Houtoku – Lessons from 18th Century Japan

In the 18th century, year VII of the Tenmei Era, a boy was born who would change the history of Japan. His name, Ninomiya Kinjirô, remains in the minds of the Japanese. His life still inspires many people, including the founder of Ninomiya Corporation.

Kinjirô was born in Kayama City, nowadays called Odawara. His image was immortalized in statues depicting a boy carrying wood on his back and reading a book. These statues placed in front of the schools of Japan have become a symbol of victory for education, altruism and perseverance.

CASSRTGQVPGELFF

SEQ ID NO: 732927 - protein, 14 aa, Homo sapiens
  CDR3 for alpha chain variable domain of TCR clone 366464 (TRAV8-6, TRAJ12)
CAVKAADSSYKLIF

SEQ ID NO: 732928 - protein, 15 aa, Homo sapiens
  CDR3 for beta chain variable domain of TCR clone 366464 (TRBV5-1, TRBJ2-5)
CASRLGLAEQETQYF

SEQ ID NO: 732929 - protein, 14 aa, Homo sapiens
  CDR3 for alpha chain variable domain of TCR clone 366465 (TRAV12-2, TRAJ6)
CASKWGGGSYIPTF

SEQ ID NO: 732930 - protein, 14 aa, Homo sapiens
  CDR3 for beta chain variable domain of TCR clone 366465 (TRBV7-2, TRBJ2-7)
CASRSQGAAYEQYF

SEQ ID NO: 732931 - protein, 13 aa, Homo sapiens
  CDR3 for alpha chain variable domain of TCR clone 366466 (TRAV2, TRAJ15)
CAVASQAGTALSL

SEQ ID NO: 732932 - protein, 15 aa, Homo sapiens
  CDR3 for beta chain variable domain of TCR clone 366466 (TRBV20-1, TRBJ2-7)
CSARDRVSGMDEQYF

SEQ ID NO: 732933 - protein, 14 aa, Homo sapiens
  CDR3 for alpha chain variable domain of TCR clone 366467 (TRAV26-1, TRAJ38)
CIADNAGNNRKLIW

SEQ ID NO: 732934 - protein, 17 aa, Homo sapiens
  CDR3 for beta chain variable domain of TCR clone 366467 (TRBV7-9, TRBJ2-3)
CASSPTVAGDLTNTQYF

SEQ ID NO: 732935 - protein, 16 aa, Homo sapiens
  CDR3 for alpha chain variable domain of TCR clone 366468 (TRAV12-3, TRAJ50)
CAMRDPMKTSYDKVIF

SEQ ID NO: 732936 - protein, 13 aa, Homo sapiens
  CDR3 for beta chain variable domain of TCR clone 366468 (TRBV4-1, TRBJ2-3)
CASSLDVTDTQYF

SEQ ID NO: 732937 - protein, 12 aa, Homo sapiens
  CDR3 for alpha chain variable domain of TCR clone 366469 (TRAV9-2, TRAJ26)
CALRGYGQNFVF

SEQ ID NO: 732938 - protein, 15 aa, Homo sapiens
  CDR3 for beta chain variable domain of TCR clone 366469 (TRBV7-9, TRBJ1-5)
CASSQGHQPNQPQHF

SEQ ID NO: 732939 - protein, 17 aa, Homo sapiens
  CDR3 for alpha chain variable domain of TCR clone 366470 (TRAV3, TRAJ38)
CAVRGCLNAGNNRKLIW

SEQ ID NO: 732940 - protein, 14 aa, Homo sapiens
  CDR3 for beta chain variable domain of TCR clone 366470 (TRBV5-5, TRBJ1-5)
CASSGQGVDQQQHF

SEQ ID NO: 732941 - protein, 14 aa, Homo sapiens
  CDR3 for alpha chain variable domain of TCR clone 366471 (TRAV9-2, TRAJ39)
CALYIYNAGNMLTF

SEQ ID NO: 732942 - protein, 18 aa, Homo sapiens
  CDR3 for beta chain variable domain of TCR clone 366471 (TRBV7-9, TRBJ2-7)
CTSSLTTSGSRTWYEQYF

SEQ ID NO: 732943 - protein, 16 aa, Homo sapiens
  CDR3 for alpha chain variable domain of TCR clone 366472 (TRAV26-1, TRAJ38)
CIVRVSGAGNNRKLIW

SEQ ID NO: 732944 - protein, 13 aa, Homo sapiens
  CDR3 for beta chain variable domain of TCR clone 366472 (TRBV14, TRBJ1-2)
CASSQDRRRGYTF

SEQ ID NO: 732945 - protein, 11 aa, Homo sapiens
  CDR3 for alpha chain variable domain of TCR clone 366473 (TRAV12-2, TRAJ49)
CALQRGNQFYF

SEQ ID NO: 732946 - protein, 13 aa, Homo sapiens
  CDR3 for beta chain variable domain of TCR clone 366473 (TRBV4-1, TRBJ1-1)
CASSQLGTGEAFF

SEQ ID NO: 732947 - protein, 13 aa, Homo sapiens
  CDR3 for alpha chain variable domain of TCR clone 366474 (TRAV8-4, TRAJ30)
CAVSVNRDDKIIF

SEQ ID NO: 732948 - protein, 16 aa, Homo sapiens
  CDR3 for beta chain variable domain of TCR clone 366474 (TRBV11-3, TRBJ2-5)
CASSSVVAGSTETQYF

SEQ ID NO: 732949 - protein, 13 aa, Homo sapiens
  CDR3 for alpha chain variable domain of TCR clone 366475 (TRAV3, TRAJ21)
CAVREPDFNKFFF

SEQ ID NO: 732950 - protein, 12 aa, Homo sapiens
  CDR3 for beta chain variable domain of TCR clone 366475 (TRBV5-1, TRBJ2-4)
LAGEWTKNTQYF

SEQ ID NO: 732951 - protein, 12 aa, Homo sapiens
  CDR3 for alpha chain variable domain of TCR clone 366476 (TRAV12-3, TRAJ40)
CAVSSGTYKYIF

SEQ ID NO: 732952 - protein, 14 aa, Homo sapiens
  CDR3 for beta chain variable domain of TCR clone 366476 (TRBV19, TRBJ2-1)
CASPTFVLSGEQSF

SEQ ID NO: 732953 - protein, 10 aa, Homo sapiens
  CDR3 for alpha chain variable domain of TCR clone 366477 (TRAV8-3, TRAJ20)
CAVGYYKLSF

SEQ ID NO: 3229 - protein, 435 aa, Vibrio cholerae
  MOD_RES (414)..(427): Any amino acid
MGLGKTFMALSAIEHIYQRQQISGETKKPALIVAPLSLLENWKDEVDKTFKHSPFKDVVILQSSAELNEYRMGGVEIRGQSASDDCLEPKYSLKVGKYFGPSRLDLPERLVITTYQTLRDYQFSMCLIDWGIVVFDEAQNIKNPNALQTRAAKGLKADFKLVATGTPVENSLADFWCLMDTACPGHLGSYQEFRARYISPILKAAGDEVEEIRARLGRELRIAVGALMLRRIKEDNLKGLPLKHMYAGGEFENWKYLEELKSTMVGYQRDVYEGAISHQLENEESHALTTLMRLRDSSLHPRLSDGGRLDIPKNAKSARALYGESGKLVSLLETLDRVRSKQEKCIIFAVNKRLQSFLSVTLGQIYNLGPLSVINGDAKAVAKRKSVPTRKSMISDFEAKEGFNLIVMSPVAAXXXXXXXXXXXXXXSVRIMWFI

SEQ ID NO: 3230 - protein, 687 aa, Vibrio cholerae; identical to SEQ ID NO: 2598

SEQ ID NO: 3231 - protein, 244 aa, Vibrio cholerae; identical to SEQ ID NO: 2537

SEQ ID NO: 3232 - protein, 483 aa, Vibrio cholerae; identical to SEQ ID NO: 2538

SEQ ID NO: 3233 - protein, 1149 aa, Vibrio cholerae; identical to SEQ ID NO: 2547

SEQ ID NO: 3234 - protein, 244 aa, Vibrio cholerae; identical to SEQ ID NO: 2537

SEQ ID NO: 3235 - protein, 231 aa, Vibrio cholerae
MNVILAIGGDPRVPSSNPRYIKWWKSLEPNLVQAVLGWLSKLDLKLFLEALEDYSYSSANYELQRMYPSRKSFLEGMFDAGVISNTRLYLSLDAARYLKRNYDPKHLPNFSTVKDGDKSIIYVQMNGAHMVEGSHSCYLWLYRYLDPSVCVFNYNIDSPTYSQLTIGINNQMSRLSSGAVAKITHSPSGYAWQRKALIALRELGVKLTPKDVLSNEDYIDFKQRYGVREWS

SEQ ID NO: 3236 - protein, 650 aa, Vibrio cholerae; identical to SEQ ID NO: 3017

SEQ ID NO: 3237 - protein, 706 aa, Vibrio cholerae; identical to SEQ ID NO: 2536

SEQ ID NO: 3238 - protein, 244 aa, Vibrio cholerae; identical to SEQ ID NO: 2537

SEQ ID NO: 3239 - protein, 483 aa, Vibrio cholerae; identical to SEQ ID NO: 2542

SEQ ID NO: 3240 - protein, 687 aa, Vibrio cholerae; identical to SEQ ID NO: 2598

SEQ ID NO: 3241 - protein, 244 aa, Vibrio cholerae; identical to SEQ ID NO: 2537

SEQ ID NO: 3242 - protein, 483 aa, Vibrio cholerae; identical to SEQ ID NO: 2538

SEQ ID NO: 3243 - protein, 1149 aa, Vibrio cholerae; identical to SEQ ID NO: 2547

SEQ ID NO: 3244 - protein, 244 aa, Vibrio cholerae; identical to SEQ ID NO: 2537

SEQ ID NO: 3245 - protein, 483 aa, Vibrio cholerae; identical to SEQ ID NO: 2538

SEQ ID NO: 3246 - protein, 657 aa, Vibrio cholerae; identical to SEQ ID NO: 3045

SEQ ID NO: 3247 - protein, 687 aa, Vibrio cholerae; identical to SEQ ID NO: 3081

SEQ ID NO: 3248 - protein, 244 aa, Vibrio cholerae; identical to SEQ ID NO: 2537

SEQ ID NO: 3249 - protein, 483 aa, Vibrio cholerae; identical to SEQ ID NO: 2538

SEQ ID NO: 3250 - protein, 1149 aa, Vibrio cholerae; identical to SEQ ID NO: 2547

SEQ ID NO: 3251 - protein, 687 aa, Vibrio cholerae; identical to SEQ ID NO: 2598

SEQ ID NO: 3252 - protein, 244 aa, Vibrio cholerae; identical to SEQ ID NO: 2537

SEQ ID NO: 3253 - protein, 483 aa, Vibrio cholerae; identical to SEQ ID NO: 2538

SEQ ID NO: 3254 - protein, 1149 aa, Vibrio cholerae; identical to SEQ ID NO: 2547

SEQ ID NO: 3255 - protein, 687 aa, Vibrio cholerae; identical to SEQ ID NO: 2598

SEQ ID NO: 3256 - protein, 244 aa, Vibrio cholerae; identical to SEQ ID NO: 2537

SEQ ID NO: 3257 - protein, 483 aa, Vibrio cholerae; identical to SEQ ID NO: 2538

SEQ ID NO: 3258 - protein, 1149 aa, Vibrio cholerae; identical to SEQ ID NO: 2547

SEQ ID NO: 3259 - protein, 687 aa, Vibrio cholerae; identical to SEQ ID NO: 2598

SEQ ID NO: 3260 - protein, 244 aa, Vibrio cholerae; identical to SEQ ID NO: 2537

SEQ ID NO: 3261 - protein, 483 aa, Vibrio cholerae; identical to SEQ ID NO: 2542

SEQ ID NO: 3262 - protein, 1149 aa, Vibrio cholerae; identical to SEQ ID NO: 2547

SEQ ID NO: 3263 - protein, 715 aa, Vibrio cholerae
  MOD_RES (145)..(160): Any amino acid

His challenge begins when Kinjirô loses his parents and has been separated from his younger brothers. He moved in with an uncle and started working on crops, but he never gave up studying. In a few years he built a strong and solid financial situation, buying back the lands that were from his parents. Kinjirô began using his knowledge to help the peasants restructure, creating a system he shared throughout Japan, the Houtoku. Kinjirô pioneered sustainable social entrepreneurship and created the first cooperative bank to finance social projects.

Kinjirô dedicated his life to the well-being of the communities, helping more than 600 villages. After his death, Kinjiro received the nickname “sontoku” (the virtuous). Using the principles and moral values of Kinjirô, the founder of the corporation, member of the Ninomiya Family, brought to a modern approach the Houtoku System, for business and social entrepreneurship.

Akira Ninomiya Júnior

This post is also available in: Portuguese (Brazil)